Monday, September 6, 2010

Happy Labor Day!! Whatever that means.

{Photo Credit}
The other day when Dylan asked when we had to go back to school, I told him the day after Labor day.  The next question was, of course, what's Labor Day? Do you know I couldn't answer him? Some teacher I am. 

Now I wasn't totally clueless.  I mean using semantics I knew that it had to do with working.  Plus since it is a holiday then that would mean a day of relaxing and celebrating.  So putting it together, I told him that Labor Day is a day for relaxing and celebrating because you work so hard all the rest of the year. 

But, then I started feeling some mommy guilt.  Here I am celebrating a holiday that I don't even really know why I'm celebrating.  So Google and Wikipedia to the rescue.

According to Wikipedia:
Labor Day is a United States federal holiday observed on the first Monday in September (September 6 in 2010).
The first Labor Day in the United States was celebrated on September 5, 1882 in New York City.  It became a federal holiday in 1894, when, following the deaths of a number of workers at the hands of the U.S. military and U.S. Marshals during the Pullman Strike, President Grover Cleveland put reconciliation with the labor movement as a top political priority. Fearing further conflict, legislation making Labor Day a national holiday was rushed through Congress unanimously and signed into law a mere six days after the end of the strike.  All 50 U.S. states have made Labor Day a state holiday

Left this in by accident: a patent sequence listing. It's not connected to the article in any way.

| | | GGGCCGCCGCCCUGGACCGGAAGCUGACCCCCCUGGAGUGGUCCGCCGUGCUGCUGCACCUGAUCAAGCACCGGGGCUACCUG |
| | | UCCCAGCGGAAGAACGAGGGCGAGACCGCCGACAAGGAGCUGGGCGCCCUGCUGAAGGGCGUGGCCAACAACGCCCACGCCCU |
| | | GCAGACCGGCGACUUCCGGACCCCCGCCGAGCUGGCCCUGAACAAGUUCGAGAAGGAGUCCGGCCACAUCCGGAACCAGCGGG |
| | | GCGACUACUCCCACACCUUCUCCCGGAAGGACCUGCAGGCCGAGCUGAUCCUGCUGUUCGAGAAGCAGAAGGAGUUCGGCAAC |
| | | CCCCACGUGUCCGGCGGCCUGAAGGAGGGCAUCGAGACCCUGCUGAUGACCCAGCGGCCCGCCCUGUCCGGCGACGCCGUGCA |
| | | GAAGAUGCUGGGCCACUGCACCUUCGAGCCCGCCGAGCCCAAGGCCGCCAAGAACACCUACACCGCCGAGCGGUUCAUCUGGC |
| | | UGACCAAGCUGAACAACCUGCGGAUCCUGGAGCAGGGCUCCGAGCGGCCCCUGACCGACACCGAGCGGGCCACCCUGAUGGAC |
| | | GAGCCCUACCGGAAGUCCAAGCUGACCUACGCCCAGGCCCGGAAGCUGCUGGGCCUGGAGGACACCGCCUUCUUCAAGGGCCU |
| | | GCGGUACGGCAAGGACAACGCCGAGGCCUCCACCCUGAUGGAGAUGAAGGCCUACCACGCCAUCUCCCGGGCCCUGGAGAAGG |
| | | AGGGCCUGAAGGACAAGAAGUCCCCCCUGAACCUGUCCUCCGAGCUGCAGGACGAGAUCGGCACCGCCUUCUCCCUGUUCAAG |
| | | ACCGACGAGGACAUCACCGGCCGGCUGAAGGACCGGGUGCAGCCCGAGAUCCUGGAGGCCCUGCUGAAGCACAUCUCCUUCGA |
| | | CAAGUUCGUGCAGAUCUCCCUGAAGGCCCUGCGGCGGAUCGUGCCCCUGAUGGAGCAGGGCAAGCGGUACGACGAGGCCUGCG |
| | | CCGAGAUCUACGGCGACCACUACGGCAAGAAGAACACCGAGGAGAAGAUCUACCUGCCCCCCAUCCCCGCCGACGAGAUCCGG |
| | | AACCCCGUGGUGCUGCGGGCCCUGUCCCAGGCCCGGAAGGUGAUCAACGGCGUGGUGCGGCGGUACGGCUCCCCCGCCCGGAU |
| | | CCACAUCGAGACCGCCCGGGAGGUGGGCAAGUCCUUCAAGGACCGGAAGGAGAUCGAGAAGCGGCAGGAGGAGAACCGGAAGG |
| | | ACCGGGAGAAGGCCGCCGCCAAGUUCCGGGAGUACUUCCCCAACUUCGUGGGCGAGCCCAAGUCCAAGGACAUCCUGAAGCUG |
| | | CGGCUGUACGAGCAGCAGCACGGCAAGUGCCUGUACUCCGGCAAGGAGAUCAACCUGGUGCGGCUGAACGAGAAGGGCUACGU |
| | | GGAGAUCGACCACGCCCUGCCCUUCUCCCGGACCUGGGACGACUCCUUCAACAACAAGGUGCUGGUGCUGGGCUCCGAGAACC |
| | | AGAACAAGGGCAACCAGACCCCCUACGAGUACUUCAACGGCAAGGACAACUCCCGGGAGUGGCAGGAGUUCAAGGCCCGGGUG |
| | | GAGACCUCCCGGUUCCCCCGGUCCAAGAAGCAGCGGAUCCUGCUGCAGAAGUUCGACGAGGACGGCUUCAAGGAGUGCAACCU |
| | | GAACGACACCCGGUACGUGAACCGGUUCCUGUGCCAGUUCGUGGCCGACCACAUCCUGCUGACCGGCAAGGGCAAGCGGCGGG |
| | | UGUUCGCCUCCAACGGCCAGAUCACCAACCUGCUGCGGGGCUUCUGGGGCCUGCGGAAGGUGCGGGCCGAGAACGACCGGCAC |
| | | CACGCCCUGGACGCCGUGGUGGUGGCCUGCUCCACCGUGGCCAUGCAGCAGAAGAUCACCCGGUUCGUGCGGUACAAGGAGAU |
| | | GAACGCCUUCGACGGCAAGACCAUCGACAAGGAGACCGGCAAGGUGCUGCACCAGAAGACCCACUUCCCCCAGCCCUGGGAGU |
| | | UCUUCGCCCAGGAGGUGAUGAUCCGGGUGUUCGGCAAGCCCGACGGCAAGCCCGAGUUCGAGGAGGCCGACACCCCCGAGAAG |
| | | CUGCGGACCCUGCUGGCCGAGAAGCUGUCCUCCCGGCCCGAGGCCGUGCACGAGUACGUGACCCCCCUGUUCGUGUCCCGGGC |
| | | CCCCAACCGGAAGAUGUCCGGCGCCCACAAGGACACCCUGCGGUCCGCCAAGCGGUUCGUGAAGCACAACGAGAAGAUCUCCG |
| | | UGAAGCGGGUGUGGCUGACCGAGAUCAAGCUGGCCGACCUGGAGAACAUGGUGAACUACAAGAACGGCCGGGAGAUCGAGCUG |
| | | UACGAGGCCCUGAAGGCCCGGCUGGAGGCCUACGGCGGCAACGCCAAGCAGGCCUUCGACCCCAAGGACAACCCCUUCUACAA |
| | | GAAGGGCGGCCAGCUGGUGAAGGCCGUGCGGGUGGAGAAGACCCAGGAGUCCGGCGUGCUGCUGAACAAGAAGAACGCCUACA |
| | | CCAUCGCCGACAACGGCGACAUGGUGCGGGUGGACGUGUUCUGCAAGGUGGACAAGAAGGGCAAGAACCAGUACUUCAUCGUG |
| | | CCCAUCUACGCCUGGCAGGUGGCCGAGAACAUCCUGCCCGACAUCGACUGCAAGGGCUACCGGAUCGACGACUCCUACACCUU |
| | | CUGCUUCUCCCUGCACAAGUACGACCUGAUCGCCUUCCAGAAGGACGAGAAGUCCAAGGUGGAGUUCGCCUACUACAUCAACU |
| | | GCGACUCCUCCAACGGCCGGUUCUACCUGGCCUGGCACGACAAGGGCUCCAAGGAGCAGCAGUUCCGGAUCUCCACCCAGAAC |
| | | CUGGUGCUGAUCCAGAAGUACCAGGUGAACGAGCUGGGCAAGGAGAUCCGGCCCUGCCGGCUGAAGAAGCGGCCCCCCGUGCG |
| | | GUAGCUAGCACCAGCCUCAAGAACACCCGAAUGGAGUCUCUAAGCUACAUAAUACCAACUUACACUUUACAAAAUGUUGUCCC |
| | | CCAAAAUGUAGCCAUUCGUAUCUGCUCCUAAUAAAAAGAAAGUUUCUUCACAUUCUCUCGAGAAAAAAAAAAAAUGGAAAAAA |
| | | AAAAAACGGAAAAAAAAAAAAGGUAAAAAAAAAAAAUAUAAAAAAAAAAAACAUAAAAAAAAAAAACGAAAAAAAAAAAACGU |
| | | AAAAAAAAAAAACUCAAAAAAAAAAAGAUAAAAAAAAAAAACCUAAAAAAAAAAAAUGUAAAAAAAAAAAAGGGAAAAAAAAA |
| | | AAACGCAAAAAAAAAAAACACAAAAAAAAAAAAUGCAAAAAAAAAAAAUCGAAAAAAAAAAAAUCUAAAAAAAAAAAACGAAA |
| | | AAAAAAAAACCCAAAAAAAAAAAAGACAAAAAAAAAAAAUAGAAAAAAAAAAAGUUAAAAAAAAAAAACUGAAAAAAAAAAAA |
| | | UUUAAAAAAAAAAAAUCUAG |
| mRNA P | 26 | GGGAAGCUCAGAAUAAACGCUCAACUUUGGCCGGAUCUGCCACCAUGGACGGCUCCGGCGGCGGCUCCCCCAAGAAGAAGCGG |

The form for the celebration of Labor Day was outlined in the first proposal of the holiday: A street parade to exhibit to the public "the strength and esprit de corps of the trade and labor organizations," followed by a festival for the workers and their families. This became the pattern for Labor Day celebrations. Speeches by prominent men and women were introduced later, as more emphasis was placed upon the economic and civil significance of the holiday. Still later, by a resolution of the American Federation of Labor convention of 1909, the Sunday preceding Labor Day was adopted as Labor Sunday and dedicated to the spiritual and educational aspects of the labor movement.
Traditionally, Labor Day is celebrated by most Americans as the symbolic end of the summer. The holiday is often regarded as a day of rest and parties. Forms of celebration include picnics, barbecues, fireworks displays, water sports, and public art events. Families with school-age children take it as the last chance to travel before the end of summer recess. Similarly, some teenagers and young adults view it as the last weekend for parties before returning to school, although school starting times now vary.

So there you have it.
Now that we know what we are celebrating, it is our American duty to go enjoy it.  

What are you doing to celebrate today?
Picnic? BBQ? Parade? Tell me all about it.

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